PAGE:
“Why don’t you call Geoff?”
“Does he still live here? Pam left town after the divorce.”
“Then drop it. Boys say a lot of things they don’t follow through on. Even I’m guilty of that, right?” He managed to lighten her spirit a bit and leaned in for a kiss. The moist remnant of cream cheese was now hers. He reached and tapped his finger on it and licked.
By the time the garage door went down with his departure and his reassurance that Jake was being just a boy, she could almost go back to sleep but she had to drive Jake to school. Even though it was a cool sun the morning dew on the new grass had begun to evaporate. The air in the kitchen had a crispness that signaled the energy of spring. But in spite of what should give hope, her thoughts returned to the look of Andy on the screen, his boyish mopey look.
“You want cereal or toast?” she asked Jake when he came down in the morning. She stretched an arm to reach the box on the high shelf. When she turned around she noticed he was staring at the flab exposed above her waist where her shirt had lifted. Her discipline for the gym had vanished since the accident. He gave her a furtive glance avoiding eye contact, and muttered, “weird.”
“No more weird than your friend last night.”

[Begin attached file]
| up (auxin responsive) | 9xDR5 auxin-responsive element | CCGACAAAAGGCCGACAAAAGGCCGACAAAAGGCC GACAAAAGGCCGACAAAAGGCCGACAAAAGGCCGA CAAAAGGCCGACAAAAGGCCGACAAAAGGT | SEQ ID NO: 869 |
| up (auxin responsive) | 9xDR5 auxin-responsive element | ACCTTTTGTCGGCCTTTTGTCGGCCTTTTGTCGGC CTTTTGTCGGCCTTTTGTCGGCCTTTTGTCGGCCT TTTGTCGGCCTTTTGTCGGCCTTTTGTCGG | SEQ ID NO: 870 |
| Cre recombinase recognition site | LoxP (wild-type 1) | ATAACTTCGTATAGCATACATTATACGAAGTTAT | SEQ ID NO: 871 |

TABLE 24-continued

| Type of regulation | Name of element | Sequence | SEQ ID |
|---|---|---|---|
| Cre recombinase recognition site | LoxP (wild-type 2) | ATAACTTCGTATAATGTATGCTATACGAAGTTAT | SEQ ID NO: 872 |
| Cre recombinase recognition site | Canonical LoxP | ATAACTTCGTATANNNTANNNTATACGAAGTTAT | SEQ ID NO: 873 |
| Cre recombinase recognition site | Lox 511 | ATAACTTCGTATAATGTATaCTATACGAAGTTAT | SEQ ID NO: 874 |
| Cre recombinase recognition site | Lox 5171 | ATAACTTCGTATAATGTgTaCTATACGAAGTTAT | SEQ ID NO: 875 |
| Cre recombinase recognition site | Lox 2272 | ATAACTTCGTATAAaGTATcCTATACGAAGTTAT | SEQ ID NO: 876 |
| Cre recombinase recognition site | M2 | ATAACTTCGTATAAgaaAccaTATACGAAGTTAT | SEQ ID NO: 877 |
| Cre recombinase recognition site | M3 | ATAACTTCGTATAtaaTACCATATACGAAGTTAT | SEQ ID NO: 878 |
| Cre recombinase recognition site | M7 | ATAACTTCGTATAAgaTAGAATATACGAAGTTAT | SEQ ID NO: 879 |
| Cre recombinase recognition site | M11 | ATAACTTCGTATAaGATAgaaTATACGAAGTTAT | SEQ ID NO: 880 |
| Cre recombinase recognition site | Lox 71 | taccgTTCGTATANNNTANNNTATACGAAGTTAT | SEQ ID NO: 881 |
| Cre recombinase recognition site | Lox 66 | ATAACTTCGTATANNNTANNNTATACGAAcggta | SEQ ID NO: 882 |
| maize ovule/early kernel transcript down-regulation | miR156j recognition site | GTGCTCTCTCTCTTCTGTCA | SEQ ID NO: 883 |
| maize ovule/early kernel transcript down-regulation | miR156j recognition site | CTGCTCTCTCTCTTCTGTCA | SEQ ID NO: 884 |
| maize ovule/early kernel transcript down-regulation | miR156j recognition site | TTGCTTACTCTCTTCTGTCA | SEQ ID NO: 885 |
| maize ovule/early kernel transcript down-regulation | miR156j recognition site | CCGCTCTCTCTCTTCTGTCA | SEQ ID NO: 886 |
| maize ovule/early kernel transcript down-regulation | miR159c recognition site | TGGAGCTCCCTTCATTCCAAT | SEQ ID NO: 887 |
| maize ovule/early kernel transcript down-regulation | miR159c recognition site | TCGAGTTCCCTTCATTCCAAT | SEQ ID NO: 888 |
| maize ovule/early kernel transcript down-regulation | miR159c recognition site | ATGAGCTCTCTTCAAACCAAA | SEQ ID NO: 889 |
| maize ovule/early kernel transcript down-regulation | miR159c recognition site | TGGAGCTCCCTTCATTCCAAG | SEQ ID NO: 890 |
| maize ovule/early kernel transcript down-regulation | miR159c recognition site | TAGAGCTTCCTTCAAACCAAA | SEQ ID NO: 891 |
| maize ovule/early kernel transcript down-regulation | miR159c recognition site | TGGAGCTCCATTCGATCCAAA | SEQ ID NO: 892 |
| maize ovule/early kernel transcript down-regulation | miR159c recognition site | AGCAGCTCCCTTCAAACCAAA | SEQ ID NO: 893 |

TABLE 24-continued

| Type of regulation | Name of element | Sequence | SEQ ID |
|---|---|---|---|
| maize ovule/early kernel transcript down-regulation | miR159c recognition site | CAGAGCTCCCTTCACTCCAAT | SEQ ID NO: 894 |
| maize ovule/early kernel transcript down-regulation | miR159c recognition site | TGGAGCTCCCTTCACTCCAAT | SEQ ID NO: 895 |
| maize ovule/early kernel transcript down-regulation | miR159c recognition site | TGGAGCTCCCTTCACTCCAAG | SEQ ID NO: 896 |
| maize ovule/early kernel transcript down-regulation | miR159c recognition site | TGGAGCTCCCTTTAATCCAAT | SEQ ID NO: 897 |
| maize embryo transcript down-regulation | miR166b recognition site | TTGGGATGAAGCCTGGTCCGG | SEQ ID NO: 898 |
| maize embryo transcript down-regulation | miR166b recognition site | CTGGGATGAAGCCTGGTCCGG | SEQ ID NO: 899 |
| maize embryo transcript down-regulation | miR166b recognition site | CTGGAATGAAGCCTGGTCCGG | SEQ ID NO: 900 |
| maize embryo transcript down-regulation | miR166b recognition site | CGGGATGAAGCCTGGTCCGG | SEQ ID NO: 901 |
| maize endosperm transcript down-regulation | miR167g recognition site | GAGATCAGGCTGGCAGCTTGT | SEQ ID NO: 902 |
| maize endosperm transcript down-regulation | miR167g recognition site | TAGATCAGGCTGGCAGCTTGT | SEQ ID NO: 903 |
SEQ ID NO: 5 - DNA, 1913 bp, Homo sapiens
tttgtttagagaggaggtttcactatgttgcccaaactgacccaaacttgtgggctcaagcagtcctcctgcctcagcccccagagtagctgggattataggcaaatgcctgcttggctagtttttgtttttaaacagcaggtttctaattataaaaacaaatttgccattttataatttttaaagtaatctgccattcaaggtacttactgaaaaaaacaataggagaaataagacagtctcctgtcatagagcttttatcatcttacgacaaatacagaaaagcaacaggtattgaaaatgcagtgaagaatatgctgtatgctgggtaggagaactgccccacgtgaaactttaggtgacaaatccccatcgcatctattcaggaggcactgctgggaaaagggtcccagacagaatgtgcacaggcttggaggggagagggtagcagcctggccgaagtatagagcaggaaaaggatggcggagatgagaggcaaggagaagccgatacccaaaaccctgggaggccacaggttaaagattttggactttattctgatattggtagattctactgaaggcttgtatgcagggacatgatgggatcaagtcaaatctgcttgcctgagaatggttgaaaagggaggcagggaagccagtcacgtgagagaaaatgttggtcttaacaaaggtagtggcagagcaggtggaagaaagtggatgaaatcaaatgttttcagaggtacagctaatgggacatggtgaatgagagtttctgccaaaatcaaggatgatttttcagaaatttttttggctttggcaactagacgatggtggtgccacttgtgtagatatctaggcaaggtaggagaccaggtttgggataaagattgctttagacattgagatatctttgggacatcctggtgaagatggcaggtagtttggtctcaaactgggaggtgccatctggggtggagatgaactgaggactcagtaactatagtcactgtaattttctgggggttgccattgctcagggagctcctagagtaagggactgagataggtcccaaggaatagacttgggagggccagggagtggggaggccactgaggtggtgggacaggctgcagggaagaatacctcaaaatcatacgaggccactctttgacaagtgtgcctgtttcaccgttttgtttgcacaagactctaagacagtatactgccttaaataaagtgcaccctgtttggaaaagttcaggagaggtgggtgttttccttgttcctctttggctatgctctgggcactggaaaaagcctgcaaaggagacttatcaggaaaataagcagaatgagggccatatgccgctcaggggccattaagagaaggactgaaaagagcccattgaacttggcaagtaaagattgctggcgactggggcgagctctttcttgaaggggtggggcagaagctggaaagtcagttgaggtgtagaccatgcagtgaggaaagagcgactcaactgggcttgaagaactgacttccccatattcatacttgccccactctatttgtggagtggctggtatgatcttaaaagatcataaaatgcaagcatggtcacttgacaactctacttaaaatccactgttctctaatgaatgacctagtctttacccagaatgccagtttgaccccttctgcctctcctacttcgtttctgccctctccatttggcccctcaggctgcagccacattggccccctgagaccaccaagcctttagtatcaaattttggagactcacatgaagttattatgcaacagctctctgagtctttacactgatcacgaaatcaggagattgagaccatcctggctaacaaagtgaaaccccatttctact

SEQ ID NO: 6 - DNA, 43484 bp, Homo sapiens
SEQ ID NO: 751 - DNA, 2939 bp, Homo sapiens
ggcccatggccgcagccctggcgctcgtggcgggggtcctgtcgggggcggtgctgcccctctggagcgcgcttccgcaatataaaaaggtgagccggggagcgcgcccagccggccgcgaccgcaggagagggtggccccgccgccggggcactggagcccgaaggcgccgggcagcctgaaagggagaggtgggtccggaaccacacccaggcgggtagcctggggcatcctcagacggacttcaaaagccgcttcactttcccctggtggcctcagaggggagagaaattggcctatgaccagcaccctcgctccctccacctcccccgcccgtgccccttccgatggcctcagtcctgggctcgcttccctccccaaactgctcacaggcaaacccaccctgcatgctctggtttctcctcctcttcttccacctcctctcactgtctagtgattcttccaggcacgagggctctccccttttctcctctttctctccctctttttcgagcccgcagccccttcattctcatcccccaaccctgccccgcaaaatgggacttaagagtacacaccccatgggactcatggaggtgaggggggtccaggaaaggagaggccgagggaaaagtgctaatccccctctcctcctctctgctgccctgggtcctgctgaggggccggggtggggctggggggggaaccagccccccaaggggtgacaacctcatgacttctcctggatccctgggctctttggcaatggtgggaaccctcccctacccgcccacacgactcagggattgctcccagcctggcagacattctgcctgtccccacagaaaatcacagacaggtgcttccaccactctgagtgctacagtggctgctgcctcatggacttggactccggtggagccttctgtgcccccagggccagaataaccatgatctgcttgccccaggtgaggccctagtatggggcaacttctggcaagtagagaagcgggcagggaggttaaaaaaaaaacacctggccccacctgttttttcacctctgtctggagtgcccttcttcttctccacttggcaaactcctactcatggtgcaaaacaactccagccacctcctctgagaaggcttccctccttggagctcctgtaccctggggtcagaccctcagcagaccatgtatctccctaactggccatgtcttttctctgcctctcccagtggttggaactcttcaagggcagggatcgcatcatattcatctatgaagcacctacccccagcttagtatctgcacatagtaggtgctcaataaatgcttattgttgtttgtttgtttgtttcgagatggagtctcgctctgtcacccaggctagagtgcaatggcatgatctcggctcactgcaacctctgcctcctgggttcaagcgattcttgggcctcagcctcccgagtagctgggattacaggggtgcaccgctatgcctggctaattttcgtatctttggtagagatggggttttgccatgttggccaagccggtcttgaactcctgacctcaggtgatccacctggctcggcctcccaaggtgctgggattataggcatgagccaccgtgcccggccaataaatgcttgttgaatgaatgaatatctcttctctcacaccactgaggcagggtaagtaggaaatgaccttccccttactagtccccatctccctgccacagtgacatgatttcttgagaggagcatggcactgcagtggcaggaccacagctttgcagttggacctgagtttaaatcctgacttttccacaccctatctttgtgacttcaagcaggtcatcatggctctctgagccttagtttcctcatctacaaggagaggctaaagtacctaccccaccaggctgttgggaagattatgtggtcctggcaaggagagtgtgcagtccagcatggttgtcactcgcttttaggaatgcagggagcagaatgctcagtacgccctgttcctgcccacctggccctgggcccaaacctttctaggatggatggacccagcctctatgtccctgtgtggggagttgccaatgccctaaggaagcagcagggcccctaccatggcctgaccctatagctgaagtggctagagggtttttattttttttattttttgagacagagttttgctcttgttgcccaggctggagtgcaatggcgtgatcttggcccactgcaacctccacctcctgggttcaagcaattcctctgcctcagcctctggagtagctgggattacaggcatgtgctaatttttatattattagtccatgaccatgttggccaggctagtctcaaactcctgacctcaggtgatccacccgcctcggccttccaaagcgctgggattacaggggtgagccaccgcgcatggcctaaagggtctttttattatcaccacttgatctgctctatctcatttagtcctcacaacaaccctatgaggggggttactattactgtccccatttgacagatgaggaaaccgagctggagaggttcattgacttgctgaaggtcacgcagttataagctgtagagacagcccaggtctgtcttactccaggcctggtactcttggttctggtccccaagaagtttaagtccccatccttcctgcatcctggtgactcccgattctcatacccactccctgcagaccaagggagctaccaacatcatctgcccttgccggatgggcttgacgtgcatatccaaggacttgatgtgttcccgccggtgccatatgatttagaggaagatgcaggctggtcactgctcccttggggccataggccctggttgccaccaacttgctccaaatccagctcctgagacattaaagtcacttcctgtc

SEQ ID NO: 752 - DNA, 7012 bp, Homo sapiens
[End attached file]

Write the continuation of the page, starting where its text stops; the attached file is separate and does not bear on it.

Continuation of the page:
“He’s not weird. You’re clueless.”
She was being insensitive, but Jake was the one she needed to be concerned about. She didn’t want to revisit their encounter last night. “You have an appointment with Dr. Silva. I’ll pick you up at 3.”
In the car, Jake slumped against the passenger window with his eyes closed. He’d never been a morning person; even as a toddler he was groggy in the morning. But now she was dealing with a sulking teenager who wanted his driver’s license back. “Maybe this will be the ‘okay’ you want from him,” she said. When she touched his shoulder his muscle flinched rejecting her attempt at tenderness. And when he stepped out of the car at school, he slammed the door pitching her off an imaginary cliff and her stomach rolled.
Spring had blown its annual flurry of pollen into the house and the car, so thick she could taste its bitter sweetness on her lips. She loved Jake but the disdain he cast was even more palpable on her lips. She needed a coffee to wash it down and called Myra to meet her at noon at their coffee shop.